And there came a decree from Caesar Augustus … – Part 2 was published here yesterday and part 1 was published here on Sunday

 

The local church parish team (it’s many a long year since there has been a resident vicar at the vicarage in the Wold) have, to their credit, arranged carol singing.  Usually this is on the aforementioned green and is usually very well attended, but this year, owing to the Covid restrictions on gatherings, everyone has been asked to stay away and sing from their front steps or gardens as the limited number socially-distanced singers process slowly around the streets and lanes singing traditional Christmas carols which will hopefully bring a bit of cheer and a more normal atmosphere.  We certainly hope so.

It’s difficult to envisage how or even when things will return to some semblance of normal as things stand at the moment.  The political class seem to have no idea and to use another one of their childish analogies, have not indicated that they have a ‘road map for all of us to follow’ apart from the ‘great reset’ various UN spokespeople pushing various UN agenda.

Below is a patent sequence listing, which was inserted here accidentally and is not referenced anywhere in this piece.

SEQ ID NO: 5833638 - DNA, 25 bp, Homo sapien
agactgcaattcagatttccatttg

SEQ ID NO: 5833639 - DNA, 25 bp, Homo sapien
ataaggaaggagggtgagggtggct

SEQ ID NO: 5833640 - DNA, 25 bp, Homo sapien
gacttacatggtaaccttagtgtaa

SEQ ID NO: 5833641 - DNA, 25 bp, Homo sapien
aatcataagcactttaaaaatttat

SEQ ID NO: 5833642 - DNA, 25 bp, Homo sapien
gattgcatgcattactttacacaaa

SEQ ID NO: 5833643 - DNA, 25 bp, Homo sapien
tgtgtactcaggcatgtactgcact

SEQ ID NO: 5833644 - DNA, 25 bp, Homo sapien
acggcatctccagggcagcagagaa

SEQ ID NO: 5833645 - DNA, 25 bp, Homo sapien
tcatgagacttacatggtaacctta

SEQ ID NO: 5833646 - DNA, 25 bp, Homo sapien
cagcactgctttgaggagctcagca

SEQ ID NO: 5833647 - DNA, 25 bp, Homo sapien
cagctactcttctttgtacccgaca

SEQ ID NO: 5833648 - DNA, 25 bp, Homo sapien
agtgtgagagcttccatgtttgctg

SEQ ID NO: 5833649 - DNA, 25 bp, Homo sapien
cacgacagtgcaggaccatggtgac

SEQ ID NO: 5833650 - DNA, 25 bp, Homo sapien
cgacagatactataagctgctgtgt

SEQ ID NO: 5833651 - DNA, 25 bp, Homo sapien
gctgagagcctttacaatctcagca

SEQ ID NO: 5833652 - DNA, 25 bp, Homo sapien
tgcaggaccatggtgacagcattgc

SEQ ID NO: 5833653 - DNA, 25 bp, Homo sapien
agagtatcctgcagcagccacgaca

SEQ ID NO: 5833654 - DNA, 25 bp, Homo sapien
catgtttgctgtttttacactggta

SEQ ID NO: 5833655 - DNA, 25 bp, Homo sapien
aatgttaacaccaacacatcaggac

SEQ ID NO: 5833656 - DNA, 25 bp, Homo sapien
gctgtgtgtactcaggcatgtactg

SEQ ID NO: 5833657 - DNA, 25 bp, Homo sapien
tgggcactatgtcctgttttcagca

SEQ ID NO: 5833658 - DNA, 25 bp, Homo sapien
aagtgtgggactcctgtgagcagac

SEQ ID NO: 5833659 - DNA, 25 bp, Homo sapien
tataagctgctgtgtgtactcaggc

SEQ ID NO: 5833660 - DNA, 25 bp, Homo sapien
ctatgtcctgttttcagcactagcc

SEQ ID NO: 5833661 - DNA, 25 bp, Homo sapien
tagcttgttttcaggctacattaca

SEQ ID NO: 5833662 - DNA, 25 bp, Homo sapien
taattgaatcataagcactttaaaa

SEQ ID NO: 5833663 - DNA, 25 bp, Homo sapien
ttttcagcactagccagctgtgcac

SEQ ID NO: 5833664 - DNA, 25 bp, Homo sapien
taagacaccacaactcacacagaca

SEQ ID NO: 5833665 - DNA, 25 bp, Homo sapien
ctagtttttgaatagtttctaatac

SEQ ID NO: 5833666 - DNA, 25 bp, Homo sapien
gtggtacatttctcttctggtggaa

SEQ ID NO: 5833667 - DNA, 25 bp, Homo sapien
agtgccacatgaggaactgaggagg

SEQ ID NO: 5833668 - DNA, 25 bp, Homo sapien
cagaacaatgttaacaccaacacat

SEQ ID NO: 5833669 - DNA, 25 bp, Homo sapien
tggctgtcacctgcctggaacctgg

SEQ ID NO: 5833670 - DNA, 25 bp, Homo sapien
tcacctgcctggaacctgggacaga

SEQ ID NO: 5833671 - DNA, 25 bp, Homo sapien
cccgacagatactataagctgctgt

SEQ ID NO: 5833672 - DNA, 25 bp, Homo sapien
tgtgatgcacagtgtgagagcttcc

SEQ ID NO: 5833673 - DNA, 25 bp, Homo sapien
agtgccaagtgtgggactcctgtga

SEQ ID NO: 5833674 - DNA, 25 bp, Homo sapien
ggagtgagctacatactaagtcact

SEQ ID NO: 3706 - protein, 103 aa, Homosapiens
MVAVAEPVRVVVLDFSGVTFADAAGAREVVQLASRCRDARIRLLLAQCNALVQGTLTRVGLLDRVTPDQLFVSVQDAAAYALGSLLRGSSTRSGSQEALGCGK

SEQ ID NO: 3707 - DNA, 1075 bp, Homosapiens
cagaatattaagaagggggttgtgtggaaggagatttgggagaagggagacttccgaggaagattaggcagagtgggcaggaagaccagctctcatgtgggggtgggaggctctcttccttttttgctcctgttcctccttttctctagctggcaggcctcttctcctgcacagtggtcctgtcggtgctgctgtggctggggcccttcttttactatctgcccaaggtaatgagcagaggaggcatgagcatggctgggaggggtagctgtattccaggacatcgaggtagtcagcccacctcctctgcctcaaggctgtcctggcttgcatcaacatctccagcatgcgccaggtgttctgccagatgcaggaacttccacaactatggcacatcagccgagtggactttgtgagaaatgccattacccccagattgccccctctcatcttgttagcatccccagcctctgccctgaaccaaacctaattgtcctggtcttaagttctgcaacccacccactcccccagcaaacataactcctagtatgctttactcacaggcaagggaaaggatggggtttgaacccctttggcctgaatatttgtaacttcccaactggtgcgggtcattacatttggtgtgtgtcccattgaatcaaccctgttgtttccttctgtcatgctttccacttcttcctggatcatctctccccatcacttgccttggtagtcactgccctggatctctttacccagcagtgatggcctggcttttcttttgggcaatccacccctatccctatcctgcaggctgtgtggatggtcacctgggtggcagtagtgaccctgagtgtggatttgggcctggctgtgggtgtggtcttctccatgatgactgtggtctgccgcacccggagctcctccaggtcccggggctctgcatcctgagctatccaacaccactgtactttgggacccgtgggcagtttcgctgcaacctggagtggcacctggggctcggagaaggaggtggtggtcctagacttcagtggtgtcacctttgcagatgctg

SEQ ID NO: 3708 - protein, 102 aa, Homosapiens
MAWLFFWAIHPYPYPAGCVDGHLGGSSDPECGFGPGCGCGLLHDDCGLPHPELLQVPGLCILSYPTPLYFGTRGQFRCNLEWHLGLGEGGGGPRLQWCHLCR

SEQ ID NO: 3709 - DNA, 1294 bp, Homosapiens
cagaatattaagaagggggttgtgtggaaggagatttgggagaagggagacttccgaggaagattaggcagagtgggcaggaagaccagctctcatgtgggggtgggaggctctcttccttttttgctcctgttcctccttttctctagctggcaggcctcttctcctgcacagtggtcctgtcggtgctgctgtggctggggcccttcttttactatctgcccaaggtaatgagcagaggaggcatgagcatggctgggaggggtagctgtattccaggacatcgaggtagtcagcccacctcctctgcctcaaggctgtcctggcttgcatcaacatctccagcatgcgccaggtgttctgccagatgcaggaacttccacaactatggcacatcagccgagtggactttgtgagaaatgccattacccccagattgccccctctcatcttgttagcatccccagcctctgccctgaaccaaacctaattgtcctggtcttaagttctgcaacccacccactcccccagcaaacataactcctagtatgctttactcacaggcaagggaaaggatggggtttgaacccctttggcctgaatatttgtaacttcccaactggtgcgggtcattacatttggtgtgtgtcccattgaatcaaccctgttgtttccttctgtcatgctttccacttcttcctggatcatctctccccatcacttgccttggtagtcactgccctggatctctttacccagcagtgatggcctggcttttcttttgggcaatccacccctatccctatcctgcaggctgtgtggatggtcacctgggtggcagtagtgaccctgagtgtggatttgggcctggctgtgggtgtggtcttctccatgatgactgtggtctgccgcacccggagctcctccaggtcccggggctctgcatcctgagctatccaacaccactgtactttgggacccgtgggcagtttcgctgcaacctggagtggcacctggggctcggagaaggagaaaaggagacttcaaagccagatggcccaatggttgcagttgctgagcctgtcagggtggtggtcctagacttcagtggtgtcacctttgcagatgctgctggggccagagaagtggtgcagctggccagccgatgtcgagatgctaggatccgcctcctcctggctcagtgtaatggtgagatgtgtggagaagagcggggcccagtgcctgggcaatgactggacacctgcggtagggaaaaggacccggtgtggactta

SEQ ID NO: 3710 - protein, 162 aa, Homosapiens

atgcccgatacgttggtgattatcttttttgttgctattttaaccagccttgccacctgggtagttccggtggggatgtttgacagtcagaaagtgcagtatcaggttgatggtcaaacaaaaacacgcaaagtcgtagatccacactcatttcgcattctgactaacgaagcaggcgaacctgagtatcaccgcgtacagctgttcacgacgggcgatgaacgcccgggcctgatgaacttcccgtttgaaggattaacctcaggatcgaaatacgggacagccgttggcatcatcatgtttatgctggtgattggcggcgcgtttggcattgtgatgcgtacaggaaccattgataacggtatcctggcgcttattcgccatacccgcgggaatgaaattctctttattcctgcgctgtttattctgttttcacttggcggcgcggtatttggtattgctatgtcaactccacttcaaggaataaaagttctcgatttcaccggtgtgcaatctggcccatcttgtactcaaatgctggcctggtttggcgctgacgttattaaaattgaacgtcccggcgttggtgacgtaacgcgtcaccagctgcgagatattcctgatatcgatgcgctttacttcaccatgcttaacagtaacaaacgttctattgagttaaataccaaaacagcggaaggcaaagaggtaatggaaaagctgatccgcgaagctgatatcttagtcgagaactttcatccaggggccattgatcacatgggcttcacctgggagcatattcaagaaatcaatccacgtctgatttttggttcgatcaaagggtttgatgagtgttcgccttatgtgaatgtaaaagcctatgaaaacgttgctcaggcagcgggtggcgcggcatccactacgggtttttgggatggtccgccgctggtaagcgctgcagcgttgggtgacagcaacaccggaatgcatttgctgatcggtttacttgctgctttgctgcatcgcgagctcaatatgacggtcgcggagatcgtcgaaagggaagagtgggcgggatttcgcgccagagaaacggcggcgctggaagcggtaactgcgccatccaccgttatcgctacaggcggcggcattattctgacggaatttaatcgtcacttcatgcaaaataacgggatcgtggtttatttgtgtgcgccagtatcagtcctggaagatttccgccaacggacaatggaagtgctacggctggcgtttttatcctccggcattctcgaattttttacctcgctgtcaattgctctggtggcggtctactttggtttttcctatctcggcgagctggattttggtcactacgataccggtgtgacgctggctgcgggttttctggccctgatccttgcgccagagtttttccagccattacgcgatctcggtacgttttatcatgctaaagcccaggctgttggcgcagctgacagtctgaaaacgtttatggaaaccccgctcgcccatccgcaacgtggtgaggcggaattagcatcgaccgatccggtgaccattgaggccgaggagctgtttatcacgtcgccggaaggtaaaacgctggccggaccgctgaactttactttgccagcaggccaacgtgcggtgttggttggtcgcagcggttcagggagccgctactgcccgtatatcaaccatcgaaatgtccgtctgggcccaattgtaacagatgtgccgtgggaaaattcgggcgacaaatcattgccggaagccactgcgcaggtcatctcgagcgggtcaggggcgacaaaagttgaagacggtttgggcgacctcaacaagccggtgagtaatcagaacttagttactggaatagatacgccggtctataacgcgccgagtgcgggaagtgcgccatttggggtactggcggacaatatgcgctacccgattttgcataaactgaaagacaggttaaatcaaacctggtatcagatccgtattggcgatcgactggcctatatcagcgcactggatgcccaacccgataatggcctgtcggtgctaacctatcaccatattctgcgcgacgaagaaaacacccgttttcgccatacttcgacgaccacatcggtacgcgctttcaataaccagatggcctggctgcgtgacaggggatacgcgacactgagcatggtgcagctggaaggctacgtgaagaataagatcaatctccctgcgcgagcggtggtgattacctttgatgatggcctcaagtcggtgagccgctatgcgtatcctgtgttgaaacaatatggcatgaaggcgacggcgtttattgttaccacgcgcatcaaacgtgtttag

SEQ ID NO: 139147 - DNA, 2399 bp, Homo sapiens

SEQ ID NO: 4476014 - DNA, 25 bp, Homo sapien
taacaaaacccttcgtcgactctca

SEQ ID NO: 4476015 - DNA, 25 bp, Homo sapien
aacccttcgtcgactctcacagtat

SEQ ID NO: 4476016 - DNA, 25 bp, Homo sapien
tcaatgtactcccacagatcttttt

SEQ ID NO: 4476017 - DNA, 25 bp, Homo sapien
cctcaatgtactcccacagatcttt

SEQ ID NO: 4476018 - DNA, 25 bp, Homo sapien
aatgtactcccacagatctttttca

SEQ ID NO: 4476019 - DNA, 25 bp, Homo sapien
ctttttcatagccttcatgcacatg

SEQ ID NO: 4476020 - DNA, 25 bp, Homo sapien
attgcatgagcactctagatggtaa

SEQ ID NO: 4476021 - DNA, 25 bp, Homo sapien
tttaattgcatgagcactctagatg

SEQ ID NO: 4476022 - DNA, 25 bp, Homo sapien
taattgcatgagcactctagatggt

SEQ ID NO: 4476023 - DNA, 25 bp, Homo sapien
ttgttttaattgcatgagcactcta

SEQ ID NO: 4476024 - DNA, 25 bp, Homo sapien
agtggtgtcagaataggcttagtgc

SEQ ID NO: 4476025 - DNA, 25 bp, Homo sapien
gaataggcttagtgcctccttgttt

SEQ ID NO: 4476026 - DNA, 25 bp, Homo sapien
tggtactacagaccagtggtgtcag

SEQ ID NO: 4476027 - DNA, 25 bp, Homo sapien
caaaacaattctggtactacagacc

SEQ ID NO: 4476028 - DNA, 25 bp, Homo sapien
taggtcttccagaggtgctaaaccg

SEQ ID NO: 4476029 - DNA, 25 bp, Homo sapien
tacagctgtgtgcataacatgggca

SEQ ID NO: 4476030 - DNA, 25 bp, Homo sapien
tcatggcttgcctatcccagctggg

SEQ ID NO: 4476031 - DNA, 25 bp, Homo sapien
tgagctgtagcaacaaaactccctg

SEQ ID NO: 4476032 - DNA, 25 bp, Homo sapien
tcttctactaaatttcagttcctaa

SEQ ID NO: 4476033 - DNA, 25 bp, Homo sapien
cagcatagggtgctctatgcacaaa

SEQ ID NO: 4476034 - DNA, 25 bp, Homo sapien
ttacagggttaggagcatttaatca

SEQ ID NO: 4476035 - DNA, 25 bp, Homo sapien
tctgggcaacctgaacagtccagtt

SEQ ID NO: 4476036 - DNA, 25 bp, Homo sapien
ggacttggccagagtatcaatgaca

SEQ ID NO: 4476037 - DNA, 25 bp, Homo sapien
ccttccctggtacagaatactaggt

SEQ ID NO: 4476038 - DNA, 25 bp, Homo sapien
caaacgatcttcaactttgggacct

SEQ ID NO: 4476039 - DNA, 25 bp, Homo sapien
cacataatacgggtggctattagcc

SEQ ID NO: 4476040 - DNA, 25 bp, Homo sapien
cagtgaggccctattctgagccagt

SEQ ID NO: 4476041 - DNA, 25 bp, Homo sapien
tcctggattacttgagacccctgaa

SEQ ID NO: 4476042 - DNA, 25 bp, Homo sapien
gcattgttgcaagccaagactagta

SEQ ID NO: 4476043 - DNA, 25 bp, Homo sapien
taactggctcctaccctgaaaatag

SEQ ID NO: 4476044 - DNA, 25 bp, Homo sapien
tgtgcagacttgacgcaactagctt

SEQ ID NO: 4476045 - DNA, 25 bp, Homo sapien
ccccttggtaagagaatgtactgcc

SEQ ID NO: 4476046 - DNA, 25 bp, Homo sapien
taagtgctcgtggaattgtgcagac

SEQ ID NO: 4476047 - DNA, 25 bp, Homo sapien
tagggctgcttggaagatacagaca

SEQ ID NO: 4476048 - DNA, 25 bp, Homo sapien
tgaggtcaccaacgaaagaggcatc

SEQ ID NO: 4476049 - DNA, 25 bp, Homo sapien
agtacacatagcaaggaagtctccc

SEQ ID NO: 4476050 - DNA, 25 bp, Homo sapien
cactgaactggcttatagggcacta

So, it’s watch this space as far as we plebs are concerned, or so they think. It could well be that these elites could be in for a nasty surprise; it’s happened before.  Ceausescu, Marcos and the USSR spring to mind and the Brussels EU elite could find their plans for empire in peril as the money runs out.

Our cosy service economy-led life has certainly had some shocks this year. Our towns, even before the pandemic, saw problems brewing in the competitive retail sector, food halls fighting for market segments, shopping malls changing from a sort of middle market hall to areas of conspicuous consumption for the designer-clad wealthy, the motor trade struggling to maintain sales and, in its quest, to survive presenting more and more vehicles with technology that most never use and is frighteningly complex to maintain if it goes wrong, which it often does. Cars with off-road and road speed and handling capabilities that are far above the average driver, more and more fast-food outlets, restaurants coffee houses, sandwich bars, nail bars, hairdressers, the service industry is apparently limitless.  Or is it?